A portrait of Federico Peliti in Oriental clothes.
Federico Peliti (1844-1914) is my great-grandfather. He was born near Turin, in Northern Italy, and went to India in 1868 as a caterer to the Viceroy, the Earl of Mayo. After the assassination of the Viceroy, he established himself as an independent caterer and hotel director, with establishments in Calcutta and Simla. His Simla restaurant is mentioned in Rudyard Kipling's short story "The Phantom Reekshaw" (1888), and, in passing, in his poem "Divided Destinies". He had been trained as a sculptor in his youth, and while sculpting from time to time as a hobby, he became a more and more passionate photographer as time went on. A great part of his production now belongs to the Calcografia Nazionale in Rome. "Peliti's veranda" in Simla is mentioned in Thomas Pynchon's novel "Against the Day".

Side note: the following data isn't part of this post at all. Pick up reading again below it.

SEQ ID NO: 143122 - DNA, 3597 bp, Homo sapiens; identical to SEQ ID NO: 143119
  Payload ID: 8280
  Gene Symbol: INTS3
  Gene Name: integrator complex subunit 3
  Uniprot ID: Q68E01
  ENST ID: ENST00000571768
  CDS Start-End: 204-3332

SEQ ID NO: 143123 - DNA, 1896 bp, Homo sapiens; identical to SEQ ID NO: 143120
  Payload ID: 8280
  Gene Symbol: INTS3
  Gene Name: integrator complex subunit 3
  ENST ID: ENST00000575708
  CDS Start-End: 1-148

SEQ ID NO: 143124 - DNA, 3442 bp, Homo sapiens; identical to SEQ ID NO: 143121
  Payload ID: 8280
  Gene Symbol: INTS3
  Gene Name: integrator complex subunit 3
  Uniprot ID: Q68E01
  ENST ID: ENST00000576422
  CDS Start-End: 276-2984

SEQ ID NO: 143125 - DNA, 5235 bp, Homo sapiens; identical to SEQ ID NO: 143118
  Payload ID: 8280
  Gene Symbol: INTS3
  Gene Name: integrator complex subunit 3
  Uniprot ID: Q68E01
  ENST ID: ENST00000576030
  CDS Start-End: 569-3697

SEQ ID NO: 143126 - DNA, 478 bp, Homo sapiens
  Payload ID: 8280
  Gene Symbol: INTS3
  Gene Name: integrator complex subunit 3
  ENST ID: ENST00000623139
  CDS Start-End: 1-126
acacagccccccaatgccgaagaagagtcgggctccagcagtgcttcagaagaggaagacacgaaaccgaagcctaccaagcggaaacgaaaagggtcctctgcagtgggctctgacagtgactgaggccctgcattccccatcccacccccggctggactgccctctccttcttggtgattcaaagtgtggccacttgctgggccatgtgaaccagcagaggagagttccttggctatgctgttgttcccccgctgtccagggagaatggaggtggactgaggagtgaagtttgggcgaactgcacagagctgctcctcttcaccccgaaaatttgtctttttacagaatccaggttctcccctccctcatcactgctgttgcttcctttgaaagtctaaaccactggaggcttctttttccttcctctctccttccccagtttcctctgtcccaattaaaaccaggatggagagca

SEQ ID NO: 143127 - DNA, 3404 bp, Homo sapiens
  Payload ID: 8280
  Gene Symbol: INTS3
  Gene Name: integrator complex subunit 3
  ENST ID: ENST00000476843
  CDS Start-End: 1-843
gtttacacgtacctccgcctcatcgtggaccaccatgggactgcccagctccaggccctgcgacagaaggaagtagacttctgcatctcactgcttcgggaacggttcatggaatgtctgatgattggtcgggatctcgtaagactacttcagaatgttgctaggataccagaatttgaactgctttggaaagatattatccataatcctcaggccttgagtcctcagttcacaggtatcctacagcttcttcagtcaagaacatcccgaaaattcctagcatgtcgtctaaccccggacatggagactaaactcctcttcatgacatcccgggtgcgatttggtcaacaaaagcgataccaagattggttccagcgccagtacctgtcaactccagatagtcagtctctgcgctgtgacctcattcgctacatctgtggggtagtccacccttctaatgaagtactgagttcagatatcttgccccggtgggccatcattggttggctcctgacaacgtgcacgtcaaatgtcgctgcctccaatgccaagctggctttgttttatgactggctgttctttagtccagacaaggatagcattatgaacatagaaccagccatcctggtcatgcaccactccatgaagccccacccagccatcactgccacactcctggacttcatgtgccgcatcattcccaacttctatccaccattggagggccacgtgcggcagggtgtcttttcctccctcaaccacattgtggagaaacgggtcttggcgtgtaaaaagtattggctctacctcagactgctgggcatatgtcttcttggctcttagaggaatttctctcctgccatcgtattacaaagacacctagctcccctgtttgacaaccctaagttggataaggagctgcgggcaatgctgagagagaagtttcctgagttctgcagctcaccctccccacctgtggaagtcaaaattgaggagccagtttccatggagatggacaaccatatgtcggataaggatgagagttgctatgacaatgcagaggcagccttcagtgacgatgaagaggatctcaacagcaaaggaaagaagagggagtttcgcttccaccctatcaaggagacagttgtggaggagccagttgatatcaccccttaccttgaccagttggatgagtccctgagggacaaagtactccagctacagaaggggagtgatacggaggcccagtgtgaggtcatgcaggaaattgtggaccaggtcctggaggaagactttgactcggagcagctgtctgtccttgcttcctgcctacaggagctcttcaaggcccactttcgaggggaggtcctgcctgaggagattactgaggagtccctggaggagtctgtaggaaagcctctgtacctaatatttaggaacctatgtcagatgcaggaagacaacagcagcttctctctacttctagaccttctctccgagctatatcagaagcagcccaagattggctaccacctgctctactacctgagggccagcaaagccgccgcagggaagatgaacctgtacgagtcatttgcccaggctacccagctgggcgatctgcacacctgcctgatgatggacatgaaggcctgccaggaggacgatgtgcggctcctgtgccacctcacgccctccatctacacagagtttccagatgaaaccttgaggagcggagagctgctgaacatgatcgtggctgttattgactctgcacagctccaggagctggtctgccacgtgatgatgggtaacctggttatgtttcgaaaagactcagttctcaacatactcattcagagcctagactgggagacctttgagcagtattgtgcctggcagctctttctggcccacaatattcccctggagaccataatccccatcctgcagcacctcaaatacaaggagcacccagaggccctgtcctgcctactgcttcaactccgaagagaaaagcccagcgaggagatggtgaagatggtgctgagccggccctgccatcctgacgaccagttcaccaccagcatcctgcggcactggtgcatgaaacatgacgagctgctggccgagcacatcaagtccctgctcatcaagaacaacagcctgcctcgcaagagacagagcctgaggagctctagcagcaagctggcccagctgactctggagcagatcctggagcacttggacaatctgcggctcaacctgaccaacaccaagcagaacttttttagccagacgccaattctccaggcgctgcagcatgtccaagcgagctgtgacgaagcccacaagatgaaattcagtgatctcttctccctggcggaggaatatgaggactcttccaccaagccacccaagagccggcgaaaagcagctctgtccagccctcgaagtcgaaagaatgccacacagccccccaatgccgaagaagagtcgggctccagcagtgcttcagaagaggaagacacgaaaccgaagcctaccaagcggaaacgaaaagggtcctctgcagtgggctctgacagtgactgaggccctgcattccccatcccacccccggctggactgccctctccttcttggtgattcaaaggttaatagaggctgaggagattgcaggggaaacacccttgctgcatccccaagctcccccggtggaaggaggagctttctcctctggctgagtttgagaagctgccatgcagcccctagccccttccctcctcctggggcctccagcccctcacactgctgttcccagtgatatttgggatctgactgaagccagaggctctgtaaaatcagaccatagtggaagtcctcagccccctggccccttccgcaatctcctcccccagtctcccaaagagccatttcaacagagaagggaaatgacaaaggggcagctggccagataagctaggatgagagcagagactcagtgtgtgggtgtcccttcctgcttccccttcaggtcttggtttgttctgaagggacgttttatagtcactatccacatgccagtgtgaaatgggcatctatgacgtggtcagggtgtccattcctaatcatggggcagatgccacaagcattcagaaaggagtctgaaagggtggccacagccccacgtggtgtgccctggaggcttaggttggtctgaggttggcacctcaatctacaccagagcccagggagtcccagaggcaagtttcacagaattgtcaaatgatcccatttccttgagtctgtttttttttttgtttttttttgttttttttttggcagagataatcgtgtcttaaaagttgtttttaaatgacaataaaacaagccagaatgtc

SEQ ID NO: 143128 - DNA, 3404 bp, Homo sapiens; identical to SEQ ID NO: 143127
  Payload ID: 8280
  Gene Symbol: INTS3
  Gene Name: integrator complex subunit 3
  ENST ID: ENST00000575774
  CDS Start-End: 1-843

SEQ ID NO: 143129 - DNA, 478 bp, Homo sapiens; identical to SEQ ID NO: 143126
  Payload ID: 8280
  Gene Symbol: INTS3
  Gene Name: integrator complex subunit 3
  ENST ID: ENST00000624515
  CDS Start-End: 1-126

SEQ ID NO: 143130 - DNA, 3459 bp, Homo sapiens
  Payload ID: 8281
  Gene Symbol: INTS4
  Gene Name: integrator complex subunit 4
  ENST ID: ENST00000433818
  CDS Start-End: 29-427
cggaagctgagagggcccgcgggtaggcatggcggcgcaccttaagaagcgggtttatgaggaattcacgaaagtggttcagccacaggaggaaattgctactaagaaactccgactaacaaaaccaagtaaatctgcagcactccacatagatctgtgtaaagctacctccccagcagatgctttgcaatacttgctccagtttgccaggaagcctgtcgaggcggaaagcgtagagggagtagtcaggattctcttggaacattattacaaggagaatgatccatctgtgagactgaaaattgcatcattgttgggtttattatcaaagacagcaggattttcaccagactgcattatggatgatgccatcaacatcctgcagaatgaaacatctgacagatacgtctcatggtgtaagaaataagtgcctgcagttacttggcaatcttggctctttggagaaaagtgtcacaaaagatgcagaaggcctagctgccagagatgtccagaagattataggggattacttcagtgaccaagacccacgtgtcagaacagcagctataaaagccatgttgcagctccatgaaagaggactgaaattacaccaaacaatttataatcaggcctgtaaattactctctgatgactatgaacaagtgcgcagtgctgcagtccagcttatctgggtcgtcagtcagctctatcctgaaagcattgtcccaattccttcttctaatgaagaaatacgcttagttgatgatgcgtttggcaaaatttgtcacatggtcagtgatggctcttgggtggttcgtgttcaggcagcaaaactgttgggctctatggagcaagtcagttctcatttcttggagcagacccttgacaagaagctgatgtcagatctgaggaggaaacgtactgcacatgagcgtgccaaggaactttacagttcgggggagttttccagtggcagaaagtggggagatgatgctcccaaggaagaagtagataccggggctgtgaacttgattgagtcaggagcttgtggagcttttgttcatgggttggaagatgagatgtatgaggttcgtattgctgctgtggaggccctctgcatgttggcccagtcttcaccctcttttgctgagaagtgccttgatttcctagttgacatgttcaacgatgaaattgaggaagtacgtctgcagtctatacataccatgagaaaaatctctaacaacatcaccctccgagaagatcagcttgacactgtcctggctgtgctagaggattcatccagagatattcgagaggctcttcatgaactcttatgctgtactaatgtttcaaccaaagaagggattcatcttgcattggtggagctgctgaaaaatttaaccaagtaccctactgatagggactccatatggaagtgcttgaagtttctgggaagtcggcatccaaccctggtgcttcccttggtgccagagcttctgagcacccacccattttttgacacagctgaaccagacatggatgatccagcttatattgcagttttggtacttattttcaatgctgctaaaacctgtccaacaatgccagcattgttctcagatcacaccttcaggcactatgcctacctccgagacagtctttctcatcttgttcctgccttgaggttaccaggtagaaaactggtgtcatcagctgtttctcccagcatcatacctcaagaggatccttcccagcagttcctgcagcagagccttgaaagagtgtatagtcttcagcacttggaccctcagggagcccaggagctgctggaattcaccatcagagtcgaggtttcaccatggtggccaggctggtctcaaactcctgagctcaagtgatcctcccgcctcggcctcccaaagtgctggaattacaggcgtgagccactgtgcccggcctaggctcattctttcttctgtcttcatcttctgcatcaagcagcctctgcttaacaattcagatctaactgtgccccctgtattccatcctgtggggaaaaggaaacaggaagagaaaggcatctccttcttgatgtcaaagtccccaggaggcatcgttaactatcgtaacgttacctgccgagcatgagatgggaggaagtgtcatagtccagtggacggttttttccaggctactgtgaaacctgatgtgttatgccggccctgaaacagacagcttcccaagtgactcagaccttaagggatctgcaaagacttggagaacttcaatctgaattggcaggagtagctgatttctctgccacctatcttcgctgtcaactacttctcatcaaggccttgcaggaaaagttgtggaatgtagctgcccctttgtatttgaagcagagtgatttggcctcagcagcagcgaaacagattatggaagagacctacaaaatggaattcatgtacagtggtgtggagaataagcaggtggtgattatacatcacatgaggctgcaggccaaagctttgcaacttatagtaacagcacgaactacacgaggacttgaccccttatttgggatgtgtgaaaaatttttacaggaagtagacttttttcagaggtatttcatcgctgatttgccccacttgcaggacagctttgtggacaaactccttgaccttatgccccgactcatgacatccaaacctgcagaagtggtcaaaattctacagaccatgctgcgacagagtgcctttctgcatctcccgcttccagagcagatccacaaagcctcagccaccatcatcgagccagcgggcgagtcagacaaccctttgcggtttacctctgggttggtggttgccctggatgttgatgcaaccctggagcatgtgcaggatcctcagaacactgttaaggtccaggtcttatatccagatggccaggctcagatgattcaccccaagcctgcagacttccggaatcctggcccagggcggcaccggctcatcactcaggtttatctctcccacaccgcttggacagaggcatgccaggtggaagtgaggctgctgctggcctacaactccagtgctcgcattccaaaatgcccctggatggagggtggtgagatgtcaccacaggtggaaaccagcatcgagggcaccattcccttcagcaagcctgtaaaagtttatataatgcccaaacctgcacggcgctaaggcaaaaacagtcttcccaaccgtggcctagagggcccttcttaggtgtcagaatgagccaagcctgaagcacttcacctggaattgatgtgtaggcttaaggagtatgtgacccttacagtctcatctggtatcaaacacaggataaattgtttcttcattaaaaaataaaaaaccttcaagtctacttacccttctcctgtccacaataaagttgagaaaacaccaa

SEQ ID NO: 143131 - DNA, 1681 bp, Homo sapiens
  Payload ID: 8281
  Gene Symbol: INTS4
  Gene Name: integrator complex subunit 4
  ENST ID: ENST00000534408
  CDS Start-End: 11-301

These photos are taken from the book: Federico Peliti: An Italian photographer in India at the times of Queen Victoria, edited by Marina Miraglia (Peliti Associati, Rome, and Corner House, London, 1995).
A recollection of Federico Peliti by Major H. Hobbs, published in 1938, can be found here.
A humorous poem by JM Symns on Peliti's, published on Punch on June 25, 1919 (when my grandfather Giovanni was in charge) was sent to me by the author's grandchild Jonathan Boucher, and can be found here.